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Today is World Diabetes Day which aims to spread awareness of the condition
Catherine Brady had to learn how to live with the condition
Arlene Harris
November 14 2022 02:30 AM
CHAMPION kickboxer Catherine Brady was extremely fit but just after her 20th birthday she was told that she had diabetes.
I had been waking a lot at night to go to the toilet and had an intense thirst. I was also tired constantly, had no appetite and had lost a lot of weight quickly,” she said.
“Kickboxing was my life and I ever missed training so after my mam noticed that I was very lethargic and said I wasn’t going training, she knew something was wrong and suggested that I go to my GP. A few days after having a blood test, I got the results (which revealed Type 1 diabetes) and was sent straight to hospital.”
Following this news, the five-times world champion kickboxer, who is now 38, had to learn how to live with the condition and to inject herself with insulin. But she was determined not to let it hold her back.
“I work from home (as a fitness coach) and train most days (but no longer compete), I walk a lot, eat good foods, and track carbs, proteins, and fat,” she said.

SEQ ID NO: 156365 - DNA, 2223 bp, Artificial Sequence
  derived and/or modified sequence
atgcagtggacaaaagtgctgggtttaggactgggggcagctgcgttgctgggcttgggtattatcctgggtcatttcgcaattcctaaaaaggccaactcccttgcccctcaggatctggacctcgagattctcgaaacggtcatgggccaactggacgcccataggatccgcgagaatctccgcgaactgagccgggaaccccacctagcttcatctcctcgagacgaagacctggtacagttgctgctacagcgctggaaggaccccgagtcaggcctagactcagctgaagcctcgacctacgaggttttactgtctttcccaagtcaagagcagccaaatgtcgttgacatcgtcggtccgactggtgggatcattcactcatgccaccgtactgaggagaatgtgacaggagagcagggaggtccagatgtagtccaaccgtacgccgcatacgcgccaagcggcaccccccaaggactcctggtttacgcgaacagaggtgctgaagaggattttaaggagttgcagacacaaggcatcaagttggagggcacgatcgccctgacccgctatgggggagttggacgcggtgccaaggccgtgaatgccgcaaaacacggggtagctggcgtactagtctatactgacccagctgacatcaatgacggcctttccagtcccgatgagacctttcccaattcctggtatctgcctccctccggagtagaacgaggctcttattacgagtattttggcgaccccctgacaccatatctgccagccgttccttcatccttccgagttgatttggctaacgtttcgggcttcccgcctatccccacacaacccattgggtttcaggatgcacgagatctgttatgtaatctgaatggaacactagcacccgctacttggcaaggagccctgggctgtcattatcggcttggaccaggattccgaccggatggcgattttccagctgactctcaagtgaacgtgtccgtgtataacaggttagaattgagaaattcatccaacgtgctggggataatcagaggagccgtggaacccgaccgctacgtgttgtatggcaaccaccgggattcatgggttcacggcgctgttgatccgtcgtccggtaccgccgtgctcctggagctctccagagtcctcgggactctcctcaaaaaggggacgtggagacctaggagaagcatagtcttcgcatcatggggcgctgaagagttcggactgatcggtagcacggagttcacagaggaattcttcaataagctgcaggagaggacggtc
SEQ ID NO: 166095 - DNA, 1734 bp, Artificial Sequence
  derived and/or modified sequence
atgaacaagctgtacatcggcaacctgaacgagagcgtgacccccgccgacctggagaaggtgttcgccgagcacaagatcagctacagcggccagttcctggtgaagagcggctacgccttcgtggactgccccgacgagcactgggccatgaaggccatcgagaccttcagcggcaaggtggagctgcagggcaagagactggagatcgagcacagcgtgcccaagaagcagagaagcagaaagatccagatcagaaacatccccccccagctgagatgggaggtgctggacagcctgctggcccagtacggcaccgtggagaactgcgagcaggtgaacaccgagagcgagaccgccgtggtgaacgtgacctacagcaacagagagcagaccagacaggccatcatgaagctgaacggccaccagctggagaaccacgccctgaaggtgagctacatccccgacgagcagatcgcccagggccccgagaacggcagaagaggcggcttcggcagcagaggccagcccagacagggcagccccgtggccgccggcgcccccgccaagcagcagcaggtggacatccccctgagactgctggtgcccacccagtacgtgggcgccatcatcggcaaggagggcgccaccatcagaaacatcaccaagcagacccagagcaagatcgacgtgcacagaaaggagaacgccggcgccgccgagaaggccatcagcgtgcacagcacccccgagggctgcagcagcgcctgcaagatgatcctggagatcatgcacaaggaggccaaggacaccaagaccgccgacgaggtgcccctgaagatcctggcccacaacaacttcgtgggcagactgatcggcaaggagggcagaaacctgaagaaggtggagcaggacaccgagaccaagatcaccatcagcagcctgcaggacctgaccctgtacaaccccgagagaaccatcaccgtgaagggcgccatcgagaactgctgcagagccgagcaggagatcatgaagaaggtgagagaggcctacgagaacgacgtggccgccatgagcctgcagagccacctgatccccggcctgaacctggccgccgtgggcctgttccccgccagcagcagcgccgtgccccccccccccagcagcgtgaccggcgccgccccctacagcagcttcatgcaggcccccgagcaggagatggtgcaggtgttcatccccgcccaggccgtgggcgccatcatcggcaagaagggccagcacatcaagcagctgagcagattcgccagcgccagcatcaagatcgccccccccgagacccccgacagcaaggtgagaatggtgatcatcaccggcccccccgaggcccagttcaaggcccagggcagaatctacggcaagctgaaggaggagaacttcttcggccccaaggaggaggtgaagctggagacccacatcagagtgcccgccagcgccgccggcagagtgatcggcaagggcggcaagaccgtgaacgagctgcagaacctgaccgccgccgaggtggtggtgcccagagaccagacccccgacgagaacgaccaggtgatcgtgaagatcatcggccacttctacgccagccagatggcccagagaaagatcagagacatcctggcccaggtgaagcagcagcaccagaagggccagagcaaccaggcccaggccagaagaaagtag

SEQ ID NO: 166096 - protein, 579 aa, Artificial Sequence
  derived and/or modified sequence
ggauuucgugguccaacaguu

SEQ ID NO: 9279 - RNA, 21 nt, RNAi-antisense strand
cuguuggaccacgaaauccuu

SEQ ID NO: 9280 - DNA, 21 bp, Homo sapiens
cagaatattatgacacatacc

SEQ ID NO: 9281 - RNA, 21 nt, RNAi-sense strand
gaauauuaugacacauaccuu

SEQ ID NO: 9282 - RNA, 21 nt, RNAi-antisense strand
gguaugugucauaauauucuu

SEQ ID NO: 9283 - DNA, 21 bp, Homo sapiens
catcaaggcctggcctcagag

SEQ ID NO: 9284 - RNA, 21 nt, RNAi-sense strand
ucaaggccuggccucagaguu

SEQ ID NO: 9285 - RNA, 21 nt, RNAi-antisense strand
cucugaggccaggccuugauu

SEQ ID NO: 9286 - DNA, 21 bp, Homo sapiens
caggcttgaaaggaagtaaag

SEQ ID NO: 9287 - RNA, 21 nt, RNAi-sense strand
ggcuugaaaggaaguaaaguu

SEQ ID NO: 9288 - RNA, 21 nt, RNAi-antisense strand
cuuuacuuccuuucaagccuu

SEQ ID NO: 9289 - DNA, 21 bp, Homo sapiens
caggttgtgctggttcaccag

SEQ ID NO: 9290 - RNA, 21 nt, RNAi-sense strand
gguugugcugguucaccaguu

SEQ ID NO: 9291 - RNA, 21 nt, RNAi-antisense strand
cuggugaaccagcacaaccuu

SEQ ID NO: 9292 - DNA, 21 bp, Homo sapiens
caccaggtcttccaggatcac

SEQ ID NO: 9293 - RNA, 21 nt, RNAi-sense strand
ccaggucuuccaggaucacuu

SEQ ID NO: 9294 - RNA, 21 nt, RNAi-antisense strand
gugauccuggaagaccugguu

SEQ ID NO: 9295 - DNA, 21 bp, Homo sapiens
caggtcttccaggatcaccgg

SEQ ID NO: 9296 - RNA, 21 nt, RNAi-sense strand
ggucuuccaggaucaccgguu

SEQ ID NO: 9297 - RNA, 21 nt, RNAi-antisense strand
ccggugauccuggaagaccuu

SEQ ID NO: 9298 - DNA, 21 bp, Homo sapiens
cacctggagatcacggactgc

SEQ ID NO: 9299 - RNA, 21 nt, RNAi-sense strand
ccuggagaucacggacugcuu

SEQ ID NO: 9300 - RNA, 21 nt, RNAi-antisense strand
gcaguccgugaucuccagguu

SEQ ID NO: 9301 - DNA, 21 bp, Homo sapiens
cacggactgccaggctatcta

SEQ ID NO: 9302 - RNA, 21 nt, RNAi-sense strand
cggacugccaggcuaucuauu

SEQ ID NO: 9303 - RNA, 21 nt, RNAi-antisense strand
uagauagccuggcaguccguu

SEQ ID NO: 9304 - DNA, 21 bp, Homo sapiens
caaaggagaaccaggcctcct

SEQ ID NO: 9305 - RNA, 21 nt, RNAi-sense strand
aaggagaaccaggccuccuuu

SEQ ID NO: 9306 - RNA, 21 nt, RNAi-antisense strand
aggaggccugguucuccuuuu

“This still doesn’t mean that my blood glucose levels are going to be on the money. As I train a lot, I would have very fluctuating levels in and around my training. For me, it is about seeing a pattern and seeing what works.”
Today is World Diabetes Day, when experts and health officials aim to spread awareness, encourage people to seek advice, and know how to access the right healthcare.
There are two types of diabetes – Type 1 which is a lifelong condition which occurs because the body stops producing the hormone insulin, and Type 2 which is mainly lifestyle-related.
There is no register to determine the exact number of people living with diabetes in Ireland, but the total is estimated to be 266,000 – and about 10pc are people living with Type 1 diabetes. This includes approximately 3,000 children and adolescents.
Dr Kate Gajewska, clinical manager for advocacy and research with Diabetes Ireland, said that while, historically, Type 1 diabetes was named “juvenile onset diabetes” it was now known that it can develop at any age, with half of the newly diagnosed cases occurring in adults. She added that it was important to know the signs.
“A simple acronym can help to remember the most common signs and symptoms of Type 1 diabetes,” she says. “TEST – Thirst, Energy reduced, Sudden unexplained weight loss, Toilet – excessively passing urine. A simple finger prick blood test to check the blood glucose level can be done by a GP, nurse or pharmacist and the results are available in a few seconds.
"If this test shows a high glucose reading, the GP will send the individual to A&E to be admitted for assessment and treatment.”
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